Average gene diversity and estimation of the HLA haplotypes was carried out using Arlequin v3.0 . Evaluation of standardized multiallelic disequilibrium coefficient, D', was performed by the Haploxt application from the GOLD software. Average D' values were calculated by a simple mathematical mean of all values obtained for each marker pair. Nei's FST genetic distance matrix was computed between pairs of populations by DISPAN  and used to construct a Neighbor-Joining (NJ) tree by PHYLIP 3.63 . We employed TreeView 1.6.6  to display tree phylogenies obtained from NJ. In order to obtain the best results concerning population comparisons a compromise between the number of populations and HLA loci was performed. Consequently, HLA-DPA1 and -DPB1 were excluded from analysis. FST values were based on allele frequencies obtained in an online database (HLA-Allele Project; http://www.allelefrequencies.net/), in 19 populations for 5 HLA loci: São Miguel, Terceira, Italy, France, Germany, Belgium, Turkey, Morocco, Japan, Mongolia Oold, Mongolia Tsaatan, Mongolia Khalkha, Basque, Ibiza, Majorca, Majorca Jewish, Chuetas, Minorca and Jordania. Along with FST values, 5 loci haplotypes were searched in the same database to further investigate the possible origins of the early settlers.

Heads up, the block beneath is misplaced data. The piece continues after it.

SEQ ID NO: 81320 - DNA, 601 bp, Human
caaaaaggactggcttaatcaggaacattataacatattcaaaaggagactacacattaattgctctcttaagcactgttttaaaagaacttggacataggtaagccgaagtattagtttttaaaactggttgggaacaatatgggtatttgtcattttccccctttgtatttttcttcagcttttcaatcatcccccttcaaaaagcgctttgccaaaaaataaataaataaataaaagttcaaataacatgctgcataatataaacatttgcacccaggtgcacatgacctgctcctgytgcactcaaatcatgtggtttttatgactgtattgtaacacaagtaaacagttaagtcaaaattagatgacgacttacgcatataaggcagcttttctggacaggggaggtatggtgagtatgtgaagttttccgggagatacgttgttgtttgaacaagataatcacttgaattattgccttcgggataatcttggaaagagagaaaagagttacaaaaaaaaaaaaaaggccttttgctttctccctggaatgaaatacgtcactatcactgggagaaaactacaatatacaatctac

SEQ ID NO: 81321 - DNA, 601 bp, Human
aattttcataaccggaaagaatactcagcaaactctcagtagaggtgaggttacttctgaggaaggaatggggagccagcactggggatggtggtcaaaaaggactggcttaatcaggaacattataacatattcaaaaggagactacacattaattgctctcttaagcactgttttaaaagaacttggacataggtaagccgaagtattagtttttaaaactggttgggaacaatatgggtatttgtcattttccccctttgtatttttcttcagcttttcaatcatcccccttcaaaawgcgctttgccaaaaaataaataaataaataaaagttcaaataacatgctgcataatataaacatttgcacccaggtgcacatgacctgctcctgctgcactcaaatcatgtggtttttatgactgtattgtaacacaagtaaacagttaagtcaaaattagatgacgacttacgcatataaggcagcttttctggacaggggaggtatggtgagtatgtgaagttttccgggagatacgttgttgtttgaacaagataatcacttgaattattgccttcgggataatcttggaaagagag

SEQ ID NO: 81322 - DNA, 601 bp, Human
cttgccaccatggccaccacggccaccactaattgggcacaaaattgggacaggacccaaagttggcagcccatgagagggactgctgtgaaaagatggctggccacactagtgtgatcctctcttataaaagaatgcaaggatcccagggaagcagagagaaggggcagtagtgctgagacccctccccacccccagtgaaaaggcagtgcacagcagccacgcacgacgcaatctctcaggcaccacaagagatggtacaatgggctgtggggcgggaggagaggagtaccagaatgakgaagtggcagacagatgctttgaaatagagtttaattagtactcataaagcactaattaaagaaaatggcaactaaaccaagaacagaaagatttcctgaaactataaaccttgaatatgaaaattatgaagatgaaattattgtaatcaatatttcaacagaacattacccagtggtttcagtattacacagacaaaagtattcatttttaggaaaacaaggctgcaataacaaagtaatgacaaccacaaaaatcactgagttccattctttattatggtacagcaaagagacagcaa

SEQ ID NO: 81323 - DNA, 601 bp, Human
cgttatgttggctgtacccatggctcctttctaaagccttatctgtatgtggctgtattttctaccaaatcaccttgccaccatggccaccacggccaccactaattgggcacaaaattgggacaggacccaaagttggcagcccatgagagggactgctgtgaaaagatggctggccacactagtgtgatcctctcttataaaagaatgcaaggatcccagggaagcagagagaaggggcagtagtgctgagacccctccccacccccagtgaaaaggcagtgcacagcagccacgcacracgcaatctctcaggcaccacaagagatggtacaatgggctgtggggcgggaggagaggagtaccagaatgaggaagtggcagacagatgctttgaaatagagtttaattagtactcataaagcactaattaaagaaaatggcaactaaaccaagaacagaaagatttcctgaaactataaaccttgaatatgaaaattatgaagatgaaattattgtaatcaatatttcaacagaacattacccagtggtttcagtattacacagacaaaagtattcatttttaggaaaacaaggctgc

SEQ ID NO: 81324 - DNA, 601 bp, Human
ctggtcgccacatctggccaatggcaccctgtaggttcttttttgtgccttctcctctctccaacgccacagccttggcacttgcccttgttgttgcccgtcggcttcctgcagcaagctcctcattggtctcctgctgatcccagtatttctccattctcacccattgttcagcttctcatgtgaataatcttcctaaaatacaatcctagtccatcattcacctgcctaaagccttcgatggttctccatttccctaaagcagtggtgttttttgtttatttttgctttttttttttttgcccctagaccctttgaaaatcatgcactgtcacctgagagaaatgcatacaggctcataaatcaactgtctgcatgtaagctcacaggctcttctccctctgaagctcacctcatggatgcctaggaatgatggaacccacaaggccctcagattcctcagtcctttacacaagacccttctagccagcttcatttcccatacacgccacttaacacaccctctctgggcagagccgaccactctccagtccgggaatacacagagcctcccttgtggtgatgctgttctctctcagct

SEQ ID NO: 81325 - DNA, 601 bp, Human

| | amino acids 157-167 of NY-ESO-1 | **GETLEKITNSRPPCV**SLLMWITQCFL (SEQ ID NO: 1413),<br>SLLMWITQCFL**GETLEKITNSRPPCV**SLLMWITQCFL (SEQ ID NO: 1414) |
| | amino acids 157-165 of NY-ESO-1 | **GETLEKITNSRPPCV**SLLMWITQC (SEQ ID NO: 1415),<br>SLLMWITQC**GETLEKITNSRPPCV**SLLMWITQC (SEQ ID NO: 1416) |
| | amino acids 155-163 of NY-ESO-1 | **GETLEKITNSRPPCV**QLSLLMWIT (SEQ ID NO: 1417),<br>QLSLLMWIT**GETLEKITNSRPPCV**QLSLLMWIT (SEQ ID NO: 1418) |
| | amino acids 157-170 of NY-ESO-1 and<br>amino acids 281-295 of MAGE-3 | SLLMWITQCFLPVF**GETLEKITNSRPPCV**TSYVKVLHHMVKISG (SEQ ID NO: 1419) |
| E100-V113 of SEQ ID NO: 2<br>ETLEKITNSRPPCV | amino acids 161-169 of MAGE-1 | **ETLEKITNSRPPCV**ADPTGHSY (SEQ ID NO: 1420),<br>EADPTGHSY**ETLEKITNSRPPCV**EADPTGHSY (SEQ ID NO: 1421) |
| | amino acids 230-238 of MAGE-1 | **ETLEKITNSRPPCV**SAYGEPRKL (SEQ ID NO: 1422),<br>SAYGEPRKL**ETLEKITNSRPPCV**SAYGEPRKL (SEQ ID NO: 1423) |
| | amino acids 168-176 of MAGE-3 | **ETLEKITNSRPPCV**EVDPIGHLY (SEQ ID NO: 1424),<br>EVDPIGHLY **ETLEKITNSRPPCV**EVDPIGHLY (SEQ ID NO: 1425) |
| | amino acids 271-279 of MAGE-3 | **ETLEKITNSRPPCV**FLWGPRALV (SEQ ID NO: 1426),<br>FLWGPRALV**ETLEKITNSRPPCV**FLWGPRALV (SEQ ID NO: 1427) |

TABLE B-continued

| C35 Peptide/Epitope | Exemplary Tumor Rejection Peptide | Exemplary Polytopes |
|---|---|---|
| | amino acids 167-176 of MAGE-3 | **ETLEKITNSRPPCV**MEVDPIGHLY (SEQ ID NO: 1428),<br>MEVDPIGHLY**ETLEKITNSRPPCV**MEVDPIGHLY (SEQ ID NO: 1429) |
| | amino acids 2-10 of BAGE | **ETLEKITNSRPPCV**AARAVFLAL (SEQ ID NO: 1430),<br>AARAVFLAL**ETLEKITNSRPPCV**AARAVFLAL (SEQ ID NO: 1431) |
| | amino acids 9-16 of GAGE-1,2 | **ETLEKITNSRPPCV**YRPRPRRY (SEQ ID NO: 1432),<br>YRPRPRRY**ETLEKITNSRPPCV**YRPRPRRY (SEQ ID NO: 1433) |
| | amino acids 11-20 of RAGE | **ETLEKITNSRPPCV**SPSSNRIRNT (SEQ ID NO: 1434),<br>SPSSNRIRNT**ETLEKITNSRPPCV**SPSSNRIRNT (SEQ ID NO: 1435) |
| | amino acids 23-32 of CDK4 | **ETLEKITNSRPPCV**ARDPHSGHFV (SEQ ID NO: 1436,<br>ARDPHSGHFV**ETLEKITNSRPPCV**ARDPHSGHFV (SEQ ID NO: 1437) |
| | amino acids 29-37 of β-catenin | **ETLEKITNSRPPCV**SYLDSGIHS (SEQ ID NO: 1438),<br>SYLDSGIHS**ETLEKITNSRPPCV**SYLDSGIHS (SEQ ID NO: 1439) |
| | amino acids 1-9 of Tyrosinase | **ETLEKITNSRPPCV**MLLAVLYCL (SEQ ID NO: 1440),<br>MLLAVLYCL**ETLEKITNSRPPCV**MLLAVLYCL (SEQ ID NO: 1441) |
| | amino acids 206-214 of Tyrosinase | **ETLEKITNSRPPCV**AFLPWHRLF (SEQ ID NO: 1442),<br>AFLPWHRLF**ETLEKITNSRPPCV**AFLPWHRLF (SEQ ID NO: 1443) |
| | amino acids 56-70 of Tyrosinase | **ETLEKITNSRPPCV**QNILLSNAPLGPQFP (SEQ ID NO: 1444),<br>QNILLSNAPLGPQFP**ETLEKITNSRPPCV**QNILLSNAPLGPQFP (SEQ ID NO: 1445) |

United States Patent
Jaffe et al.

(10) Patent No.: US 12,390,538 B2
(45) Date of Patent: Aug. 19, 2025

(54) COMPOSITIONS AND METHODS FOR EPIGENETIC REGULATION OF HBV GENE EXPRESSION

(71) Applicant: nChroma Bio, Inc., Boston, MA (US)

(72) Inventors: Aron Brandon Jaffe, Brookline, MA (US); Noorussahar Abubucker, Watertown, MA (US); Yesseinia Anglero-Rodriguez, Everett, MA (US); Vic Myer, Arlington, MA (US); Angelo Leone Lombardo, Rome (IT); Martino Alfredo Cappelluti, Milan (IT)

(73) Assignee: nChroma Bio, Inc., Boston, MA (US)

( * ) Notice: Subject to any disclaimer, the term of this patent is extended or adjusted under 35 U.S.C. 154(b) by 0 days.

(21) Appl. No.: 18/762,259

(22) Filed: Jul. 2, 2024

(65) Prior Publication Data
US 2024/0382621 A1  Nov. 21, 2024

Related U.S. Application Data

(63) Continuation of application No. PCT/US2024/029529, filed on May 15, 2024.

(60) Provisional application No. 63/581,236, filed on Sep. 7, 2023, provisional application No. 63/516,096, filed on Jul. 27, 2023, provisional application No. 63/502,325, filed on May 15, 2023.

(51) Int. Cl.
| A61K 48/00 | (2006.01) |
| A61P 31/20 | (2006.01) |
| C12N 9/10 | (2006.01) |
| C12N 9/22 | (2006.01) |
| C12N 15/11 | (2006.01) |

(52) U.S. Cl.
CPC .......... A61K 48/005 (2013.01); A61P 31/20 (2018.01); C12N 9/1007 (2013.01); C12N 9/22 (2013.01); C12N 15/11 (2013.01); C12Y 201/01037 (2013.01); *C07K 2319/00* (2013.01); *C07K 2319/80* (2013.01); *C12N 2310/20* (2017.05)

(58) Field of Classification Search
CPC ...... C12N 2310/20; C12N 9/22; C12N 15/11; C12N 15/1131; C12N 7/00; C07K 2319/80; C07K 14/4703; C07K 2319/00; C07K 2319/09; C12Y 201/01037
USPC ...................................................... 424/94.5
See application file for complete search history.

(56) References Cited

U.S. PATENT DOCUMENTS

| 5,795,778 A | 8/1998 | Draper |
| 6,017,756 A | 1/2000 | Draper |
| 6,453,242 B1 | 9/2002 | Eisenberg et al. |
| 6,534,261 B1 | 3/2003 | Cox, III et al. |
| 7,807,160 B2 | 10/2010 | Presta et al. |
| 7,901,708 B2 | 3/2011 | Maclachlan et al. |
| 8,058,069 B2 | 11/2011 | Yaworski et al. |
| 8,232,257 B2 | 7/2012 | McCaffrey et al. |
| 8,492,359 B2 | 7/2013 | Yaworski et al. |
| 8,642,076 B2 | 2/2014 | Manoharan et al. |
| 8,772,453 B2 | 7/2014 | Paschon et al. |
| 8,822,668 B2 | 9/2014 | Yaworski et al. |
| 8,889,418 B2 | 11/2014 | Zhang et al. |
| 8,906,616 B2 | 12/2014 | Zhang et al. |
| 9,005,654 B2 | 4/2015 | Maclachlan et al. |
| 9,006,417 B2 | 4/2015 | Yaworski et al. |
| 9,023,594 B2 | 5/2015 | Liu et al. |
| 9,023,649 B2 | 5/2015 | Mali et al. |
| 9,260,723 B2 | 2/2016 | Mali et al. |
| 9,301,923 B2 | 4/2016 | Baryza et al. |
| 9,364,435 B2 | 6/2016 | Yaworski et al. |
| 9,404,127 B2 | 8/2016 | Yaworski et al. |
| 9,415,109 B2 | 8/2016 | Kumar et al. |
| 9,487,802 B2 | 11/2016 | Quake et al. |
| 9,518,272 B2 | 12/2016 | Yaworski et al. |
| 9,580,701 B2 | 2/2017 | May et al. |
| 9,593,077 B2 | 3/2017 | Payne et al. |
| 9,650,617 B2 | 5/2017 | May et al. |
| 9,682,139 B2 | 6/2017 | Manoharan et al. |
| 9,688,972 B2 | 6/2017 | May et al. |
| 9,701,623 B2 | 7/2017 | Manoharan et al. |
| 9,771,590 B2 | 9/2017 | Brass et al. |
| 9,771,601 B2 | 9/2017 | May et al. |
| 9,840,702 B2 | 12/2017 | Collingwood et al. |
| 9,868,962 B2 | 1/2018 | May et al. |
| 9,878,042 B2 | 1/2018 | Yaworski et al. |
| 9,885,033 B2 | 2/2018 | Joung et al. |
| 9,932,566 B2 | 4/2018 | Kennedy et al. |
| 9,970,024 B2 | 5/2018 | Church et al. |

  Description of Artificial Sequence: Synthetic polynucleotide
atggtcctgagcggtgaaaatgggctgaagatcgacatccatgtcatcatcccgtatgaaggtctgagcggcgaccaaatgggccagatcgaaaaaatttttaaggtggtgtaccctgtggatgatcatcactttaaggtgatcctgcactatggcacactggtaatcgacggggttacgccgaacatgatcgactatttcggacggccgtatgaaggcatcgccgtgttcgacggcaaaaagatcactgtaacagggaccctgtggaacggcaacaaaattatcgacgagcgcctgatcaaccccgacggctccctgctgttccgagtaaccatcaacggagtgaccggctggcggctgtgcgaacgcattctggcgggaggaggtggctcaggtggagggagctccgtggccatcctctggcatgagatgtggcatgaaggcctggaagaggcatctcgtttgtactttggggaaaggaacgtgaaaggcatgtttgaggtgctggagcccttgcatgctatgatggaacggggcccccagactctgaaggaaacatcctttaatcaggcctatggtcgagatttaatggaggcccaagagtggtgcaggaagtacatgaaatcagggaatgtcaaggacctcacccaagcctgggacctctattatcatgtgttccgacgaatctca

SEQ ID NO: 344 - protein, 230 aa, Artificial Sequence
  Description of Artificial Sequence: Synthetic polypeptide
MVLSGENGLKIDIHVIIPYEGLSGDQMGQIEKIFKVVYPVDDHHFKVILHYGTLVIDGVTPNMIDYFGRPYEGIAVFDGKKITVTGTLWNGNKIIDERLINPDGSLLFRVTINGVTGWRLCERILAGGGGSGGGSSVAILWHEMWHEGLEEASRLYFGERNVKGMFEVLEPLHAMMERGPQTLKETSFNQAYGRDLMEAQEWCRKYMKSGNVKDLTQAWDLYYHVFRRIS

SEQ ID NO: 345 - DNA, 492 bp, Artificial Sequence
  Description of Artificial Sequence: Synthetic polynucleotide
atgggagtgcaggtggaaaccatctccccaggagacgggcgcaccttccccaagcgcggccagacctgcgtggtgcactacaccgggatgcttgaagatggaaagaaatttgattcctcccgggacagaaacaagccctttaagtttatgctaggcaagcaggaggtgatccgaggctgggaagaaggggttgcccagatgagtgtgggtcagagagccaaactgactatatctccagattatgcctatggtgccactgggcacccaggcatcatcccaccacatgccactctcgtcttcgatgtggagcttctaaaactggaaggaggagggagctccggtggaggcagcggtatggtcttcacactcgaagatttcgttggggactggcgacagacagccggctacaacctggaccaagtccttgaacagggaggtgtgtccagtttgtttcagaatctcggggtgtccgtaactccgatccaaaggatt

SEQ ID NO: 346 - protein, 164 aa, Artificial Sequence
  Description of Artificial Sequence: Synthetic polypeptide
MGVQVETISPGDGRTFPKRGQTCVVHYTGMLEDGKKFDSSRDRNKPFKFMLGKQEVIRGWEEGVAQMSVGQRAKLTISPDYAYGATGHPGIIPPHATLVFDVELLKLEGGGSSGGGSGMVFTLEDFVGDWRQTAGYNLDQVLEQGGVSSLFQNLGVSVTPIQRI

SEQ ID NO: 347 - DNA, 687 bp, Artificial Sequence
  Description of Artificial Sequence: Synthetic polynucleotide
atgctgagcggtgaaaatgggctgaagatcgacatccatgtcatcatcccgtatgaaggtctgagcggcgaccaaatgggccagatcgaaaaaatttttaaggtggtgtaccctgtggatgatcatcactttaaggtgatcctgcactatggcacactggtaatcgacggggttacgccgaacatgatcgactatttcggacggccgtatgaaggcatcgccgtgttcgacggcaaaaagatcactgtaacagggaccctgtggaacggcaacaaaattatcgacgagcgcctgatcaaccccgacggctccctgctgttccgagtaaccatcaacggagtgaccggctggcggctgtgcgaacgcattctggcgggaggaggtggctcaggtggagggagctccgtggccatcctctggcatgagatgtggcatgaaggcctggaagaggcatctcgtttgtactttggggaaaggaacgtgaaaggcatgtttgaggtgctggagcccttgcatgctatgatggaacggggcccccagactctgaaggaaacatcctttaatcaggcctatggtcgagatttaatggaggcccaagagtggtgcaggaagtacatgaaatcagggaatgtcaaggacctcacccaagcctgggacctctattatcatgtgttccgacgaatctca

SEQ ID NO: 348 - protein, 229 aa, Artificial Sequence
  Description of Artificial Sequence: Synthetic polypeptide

The analysis of the HLA alleles in the São Miguel Island population (Table 1) revealed for the HLA-A locus a total of 16 different alleles, 13 HLA-Cw and 24 HLA-B alleles. Regarding HLA class II loci, we found 22 HLA-DPB1, 13 HLA-DRB1, 5 HLA-DQB1 and 6 HLA-DPA1 different alleles. HLA-B and HLA-DPB1 are the two loci with the highest numbers of alleles, suggesting higher diversity for these markers. The highest frequency observed, 0.462, was in HLA-DPA1 gene, which shows a low number of alleles. In contrast, the lowest frequency identified (0.5%) was present in HLA-A, -B and -DPB1 (Table 1). Genetic diversity values ranged from 0.821 both for HLA-DPA1 and -DQB1 to 0.934 for HLA-B, with a mean value of 0.846 (Table 2). Overall, HLA allele frequencies in São Miguel, mainland Portugal and other European populations demonstrated absence of statistically significant differences (GST = 0.03; data not shown). According to Wright  values of GST smaller than 0.05 indicate little genetic differentiation.